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Sri Lankan Airlines inaugural flight UL118 at Gan International Airport on December 01, 2016.

Activities – Activities tend to cost 900 MVR or more depending on what you want to do. Diving, for example, will be around 925 MVR for a single-tank dive and a week’s worth of diving will cost around 6,000 MVR.

Ideal daily budget – 500-700 MVR / $33-46 USD (Note: This is a tentative daily budget assuming you will stay at a local guesthouse, eat local food at a saai hotaa, and rent a motorbike for transportation.

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Consider flying into Colombo from the Middle East or Far East first
– Getting to Addu from Malé on a domestic flight is incredibly expensive, Maldivian is the only domestic carrier that operates and dominates this route, hence they do not have special fares for tourists. However, low-cost carriers that operate from Middle East and Far East to Colombo such as AirAsia, Malindo Air, flydubai and Air Arabia offer cheap fares to Colombo, take advantage of the early bird fares from these airlines and fly into Colombo before continuing and connecting your flight to Gan, Addu!

Stay with the locals – In 2009, the Maldives Government allowed guest houses to be operated in the local islands, letting travelers stay and lodge at homes owned by the island residents. This is also the cheapest mode of accommodation growing rapidly across the archipelago and popular among the locals as well. Many of these guesthouses are registered and listed on Airbnb and could be booked for as low as USD 25 a night in Addu. Please note that there are no hostels operated in any parts of the Maldives, in case you find one operated in dormitories, please note that it is not allowed and the authorities have not given permission to operate such models in the Maldives tourism industry. Stay with the locals in guesthouses and learn about the Maldivian culture, you will certainly save lots of money!

Couchsurf – Signup for the Couchsurfing network and stay at a local’s home for free. I have been an active member of the Couchsurfing community since 2013 and frequently use it to meet locals during my travels, I have also met some amazing people and made hundreds of friends from different parts of the world. Having a local to give you the insights of a place you are visiting for the first time is a thousand times better than a tour guide who only takes you to places where he is often given a commission.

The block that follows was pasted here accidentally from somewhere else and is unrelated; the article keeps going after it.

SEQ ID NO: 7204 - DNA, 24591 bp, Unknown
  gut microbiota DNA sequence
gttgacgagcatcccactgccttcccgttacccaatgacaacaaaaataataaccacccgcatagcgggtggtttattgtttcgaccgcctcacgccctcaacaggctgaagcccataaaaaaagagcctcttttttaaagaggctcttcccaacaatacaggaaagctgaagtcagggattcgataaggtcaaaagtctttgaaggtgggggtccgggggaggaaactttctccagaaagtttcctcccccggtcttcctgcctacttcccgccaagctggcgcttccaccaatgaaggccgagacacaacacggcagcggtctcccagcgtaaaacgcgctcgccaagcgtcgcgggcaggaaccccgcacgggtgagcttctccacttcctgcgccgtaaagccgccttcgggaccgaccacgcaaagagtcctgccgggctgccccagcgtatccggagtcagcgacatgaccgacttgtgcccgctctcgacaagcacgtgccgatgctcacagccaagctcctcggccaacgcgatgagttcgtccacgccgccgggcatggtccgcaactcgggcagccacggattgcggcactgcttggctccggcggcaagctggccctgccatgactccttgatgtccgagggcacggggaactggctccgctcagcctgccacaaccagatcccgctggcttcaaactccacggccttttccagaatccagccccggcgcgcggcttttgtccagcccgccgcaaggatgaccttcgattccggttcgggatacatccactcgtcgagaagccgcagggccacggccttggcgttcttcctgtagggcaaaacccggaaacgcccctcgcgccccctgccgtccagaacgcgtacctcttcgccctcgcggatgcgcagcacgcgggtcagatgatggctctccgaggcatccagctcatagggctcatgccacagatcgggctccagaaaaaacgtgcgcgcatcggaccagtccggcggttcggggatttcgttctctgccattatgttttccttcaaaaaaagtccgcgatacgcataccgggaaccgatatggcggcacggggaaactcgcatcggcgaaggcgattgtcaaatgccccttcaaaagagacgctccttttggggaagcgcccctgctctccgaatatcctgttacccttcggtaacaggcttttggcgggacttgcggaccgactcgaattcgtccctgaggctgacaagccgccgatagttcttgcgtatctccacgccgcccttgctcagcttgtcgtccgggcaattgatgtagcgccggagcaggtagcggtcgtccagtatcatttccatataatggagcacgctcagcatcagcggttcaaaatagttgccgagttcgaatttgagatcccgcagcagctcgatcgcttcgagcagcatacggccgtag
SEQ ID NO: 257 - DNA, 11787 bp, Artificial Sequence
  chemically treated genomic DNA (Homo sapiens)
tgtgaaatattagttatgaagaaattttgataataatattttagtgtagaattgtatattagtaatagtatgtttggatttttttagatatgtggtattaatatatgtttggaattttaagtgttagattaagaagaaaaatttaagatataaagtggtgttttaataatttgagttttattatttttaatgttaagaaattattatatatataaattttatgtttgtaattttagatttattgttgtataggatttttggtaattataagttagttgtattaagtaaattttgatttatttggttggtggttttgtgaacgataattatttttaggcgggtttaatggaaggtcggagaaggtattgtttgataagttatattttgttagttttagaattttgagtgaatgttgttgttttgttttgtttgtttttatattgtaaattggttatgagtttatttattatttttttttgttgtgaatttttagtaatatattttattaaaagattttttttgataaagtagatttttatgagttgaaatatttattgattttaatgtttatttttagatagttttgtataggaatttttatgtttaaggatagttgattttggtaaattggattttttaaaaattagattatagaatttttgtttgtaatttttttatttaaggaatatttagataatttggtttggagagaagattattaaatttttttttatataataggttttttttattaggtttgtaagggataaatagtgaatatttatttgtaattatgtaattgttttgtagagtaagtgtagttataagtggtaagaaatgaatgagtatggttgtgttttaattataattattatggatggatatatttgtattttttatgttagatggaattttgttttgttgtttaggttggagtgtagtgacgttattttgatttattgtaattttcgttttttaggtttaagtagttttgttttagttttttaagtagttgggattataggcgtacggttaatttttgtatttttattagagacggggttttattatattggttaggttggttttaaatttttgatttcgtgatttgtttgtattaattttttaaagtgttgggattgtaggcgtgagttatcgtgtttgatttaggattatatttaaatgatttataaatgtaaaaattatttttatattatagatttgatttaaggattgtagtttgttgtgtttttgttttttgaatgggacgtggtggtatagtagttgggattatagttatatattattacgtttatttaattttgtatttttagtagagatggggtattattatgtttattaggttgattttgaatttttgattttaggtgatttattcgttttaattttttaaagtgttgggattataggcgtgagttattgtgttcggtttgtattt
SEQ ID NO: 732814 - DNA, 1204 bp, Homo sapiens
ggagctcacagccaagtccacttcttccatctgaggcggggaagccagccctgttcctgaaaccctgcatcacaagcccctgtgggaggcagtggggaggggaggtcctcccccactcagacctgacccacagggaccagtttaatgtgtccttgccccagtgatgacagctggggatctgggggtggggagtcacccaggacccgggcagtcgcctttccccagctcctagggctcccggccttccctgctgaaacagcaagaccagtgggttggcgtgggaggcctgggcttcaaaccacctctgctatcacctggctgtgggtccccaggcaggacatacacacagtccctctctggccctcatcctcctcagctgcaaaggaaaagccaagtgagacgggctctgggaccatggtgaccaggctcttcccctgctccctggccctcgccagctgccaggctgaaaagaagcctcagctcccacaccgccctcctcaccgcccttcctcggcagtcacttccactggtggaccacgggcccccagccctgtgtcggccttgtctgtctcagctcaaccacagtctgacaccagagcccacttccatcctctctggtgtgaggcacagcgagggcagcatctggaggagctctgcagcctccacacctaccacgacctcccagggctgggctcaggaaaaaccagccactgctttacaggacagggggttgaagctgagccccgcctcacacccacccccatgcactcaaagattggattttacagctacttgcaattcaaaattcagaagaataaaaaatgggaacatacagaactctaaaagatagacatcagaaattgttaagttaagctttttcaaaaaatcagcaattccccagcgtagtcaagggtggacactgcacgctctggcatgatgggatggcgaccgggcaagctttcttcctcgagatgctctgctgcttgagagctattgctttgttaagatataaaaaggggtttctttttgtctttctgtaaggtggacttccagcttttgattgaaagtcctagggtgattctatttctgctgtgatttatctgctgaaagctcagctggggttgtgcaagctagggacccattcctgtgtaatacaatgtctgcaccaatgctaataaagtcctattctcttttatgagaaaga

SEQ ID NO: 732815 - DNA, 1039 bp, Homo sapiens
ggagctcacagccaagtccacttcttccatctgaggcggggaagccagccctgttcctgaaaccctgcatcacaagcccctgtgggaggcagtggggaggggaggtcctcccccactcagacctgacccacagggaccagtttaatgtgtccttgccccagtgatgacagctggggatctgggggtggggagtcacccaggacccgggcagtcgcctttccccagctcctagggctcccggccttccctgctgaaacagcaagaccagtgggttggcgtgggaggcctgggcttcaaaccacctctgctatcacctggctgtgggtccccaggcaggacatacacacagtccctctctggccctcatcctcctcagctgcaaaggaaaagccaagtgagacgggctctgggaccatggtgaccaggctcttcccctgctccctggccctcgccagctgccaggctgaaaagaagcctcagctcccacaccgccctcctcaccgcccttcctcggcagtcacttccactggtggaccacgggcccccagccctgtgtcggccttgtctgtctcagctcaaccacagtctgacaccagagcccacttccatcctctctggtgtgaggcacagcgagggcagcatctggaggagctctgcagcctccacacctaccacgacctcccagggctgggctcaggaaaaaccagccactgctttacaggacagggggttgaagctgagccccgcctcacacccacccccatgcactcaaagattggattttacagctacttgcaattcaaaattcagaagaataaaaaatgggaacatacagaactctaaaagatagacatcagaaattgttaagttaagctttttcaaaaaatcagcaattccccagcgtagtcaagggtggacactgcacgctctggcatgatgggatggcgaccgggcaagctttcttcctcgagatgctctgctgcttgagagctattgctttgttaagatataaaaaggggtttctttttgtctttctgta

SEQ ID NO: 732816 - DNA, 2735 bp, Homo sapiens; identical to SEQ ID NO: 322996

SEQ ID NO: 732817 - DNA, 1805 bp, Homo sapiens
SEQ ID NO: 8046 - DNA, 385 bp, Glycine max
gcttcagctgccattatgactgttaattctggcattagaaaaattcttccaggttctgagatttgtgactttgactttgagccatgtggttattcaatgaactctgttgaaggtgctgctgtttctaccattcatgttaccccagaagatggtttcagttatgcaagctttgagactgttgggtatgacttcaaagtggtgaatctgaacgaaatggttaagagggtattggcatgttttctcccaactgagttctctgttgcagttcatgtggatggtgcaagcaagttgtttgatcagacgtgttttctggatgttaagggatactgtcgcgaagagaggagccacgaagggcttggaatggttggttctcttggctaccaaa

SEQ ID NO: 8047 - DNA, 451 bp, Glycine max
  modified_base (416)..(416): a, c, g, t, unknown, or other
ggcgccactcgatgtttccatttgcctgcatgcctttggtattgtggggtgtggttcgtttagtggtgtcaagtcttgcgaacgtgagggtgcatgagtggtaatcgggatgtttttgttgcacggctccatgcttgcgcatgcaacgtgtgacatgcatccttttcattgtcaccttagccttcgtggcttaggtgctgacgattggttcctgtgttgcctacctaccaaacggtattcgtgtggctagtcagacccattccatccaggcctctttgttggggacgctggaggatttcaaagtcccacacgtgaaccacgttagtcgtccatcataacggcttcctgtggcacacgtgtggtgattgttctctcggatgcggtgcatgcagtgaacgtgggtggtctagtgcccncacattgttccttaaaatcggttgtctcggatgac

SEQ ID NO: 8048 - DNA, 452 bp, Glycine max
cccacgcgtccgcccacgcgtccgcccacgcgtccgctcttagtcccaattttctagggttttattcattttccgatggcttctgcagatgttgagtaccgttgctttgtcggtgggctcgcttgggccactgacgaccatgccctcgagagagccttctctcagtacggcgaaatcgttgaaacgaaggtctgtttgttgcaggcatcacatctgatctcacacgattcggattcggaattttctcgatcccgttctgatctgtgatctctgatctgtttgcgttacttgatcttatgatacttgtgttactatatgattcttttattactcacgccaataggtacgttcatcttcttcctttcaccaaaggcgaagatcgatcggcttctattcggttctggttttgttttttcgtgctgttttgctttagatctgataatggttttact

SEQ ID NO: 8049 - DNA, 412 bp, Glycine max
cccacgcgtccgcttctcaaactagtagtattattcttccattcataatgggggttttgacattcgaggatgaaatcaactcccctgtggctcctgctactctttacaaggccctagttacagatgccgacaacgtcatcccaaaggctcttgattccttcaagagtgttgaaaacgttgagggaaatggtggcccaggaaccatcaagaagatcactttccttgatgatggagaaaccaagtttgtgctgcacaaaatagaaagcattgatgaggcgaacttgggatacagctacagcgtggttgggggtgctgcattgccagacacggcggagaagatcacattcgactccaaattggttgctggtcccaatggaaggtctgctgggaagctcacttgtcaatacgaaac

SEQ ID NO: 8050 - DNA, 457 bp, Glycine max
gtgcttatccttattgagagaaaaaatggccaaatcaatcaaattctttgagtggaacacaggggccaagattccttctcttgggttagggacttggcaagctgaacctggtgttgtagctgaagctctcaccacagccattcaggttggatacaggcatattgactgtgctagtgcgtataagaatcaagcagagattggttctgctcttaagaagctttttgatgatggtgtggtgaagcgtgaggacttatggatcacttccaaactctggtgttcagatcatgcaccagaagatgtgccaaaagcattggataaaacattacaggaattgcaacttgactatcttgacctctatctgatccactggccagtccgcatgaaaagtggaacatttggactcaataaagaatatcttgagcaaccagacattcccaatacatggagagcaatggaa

Rent a motorbike – Roadside shops in Addu rent motorbikes for 200-300 MVR a day, get one and explore the city instead of paying expensive taxi fares in Addu. If you have a driving license from your home country, and is in English, you are good to ride a motorbike in Addu.

Take advantage of packaged excursions – Several guesthouses have packages including accommodation and excursions, usually it will be your host entertaining you with such excursions and activities (scuba diving or snorkeling).

There is no alcohol – As the Maldives is a Muslim country, the sale and consumption of alcohol is illegal anywhere in the country, however, resort islands are exempted including certain safari boats and liveaboards that have obtained special permits from the relevant authorities for sale and consumption of alcohol on-board. Equator Village in Gan island allows tourists to buy and consume alcohol within the premises, the security guards would ask for identification from foreign visitors and note the time of entry to the facility at the entrance and sign-off during exit. A beer at Equator Village will cost around 60 MVR.